5. The aspirator of claim 4 wherein said coupling means includes a generally cylindrical casing defining a chamber having an inlet and outlet, said second valve control means comprises a hydraulic actuator including a cylinder and a resilently biased piston moveable therein, said piston having attached thereto a piston rod extending outwardly of said cylinder and said valve means includes a valve flap attached to said piston rod, said valve flap cooperating with the inlet of said cylindrical casing defined chamber to define a variable opening, the sensed pressure downstream of said main flow passage divergent section being delivered to said actuator cylinder to operate the piston therein.
6. The aspirator of claim 1 wherein said area of higher pressure to which said chamber is interconnected by said second passage is said divergent section.
7. The aspirator of claim 6 wherein said adjusting means first valve means varies the cross-sectional area of a portion of said second passage.
8. The aspirator of claim 7 furhter comprising:
second valve means positioned upstream of said main flow passage convergent section for controlling the volume flow rate of the first liquid; and
valve control means connected to said second valve means, said valve control means being responsive to pressure downstream of said main flow passage divergent section to cause said second valve means to vary the flow rate of the first liquid inversely with changes in pressure downstream of said divergent section.
9. The aspirator of claim 8 wherein said coupling means includes a generally cylindrical casing defining a chamber having an inlet and outlet, said second valve control means comprises a hydraulic actuator including a cylinder and a resiliently biased piston moveable therein, said piston having attached thereto a piston rod extending outwardly of said cylinder and said valve means includes a valve flap attached to said piston rod, said valve flap cooperating with the inlet of said cylindrical casing defined chamber to define a variable opening, the sensed pressure downstream of said main flow passage divergent section being delivered to said actuator cylinder to operate the piston therein.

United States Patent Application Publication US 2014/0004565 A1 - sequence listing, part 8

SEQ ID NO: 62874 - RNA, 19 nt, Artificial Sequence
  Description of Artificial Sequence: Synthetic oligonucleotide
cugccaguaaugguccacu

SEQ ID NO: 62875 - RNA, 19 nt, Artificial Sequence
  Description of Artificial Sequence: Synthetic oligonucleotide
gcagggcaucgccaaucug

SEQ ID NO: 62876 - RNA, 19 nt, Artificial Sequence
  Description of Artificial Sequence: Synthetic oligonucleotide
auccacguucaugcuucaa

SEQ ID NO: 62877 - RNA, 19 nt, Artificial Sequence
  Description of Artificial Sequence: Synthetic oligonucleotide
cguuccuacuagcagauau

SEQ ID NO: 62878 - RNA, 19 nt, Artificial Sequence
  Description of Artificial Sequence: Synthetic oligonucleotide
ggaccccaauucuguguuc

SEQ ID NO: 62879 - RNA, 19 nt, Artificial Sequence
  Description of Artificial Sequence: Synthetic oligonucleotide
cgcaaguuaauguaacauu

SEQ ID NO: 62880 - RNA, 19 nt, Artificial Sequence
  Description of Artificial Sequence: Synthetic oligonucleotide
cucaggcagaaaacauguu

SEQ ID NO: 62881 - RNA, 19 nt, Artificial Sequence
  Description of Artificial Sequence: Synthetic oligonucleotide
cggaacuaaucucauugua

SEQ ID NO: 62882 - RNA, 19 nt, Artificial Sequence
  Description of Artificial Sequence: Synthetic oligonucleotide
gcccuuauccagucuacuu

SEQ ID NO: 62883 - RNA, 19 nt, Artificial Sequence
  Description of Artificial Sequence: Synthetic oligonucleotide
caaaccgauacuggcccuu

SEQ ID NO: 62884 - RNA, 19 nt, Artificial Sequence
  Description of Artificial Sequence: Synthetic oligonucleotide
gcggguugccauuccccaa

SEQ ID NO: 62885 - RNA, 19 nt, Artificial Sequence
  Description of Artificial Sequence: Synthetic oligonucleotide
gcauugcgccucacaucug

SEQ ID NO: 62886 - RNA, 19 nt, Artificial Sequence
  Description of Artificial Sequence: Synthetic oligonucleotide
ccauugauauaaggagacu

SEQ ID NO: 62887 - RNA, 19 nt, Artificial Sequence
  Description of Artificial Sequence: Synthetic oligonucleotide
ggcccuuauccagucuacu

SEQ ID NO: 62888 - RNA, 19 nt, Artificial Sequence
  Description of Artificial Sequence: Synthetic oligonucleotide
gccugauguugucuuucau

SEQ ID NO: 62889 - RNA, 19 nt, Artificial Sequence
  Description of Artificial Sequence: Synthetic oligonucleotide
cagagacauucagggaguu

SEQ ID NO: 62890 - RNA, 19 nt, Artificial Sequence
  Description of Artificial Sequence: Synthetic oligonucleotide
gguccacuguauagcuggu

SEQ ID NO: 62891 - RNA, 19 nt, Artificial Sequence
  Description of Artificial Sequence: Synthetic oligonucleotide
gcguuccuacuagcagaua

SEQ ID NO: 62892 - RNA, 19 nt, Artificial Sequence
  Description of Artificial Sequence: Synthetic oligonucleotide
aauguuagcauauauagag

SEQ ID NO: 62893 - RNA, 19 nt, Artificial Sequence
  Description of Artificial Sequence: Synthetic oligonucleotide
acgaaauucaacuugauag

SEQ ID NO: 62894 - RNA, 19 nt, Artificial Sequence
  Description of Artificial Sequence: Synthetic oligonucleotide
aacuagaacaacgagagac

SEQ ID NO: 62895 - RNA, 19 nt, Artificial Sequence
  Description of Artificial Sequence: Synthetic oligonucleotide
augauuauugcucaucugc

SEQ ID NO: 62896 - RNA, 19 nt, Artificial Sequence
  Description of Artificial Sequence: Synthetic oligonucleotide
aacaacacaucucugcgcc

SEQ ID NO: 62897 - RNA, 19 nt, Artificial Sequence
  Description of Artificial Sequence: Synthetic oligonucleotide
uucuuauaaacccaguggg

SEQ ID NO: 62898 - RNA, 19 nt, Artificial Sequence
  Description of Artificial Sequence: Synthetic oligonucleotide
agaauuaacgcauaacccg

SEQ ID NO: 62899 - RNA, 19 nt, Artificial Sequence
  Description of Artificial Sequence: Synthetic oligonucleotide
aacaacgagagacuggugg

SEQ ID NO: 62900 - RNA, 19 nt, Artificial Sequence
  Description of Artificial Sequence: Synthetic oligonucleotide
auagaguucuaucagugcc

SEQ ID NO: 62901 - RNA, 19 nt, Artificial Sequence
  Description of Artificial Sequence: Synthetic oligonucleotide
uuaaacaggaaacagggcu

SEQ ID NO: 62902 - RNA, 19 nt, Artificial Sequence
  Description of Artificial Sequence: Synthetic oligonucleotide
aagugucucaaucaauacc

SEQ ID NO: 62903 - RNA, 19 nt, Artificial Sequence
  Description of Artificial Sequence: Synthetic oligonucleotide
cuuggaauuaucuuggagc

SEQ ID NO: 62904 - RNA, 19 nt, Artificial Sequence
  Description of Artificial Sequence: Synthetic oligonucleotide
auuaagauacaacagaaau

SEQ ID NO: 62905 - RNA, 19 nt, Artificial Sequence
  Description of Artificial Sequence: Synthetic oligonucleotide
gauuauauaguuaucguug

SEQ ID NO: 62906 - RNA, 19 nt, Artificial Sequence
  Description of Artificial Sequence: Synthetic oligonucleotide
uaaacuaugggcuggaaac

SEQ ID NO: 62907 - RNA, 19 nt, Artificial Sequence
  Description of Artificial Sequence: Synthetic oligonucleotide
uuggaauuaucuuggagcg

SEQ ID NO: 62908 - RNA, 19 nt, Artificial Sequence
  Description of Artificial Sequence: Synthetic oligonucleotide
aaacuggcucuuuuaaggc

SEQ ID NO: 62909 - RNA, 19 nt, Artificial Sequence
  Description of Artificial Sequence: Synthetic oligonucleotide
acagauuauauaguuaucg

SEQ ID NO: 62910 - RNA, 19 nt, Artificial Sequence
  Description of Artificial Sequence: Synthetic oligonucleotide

10. The aspirator of claim 1 wherein the minimum radius of said downstream portion of said intermediate passage section is less than the width of said chamber.
11. The aspirator of claim 10 wherein said downstream portion of said intermediate section has a smaller length than said upstream portion.
12. The aspirator of claim 1 wherein said downstream portion of said intermediate section has a smaller length than said upstream portion.
13. An aspirator for mixing a pair of liquids, said aspirator being intended for connection between a pressurized source of a first liquid and a fluidic load, the load imposing a back pressure upon the aspirator, said aspirator comprising:
a body;
a main flow passage extending through said body, said main flow passage having an axis and first and second ends, said main flow passage further having sections which smoothly converge toward and diverge away from said axis, said convergent section directly communicating with said first end and being upstream of said divergent section, the minimum radius of said convergent section being less than the minimum radius of said divergent section, said convergent and divergent sections being spacially separated by and in fluid communication via an intermediate passage section;
means for coupling said body to a source of a first pressurized liquid whereby said pressurized liquid may be delivered to said main flow passage convergent section;
means for connecting said body to a load whereby liquid exiting said main flow passage may be delivered to the load;
an annular chamber, said chamber being coaxial with said main flow passage and in direct radial communication with said main flow passage intermediate portion, said chamber having a diameter greater than the minimum diameter of said divergent passage section;
means for establishing fluid communication between said chamber and a source of a second liquid, the flow of the first pressurized liquid through said main flow passage producing a pressure in said chamber which is less than the source pressure of the second liquid whereby the second liquid will be drawn into said chamber and mixed with the first liquid;
means for adjusting the pressure within said chamber, said adjusting means including a second passage having a smaller diameter than the minimum diameter of said main flow passage, said second passage connecting said chamber to a region of said main flow passage where a pressure higher than the pressure in said intermediate passage section will normally exist, said adjusting means including first valve means which cooperates with said second passage;
second valve means positioned in said coupling means upstream of said main flow passage convergent section for controlling the volume flow rate of the first liquid; and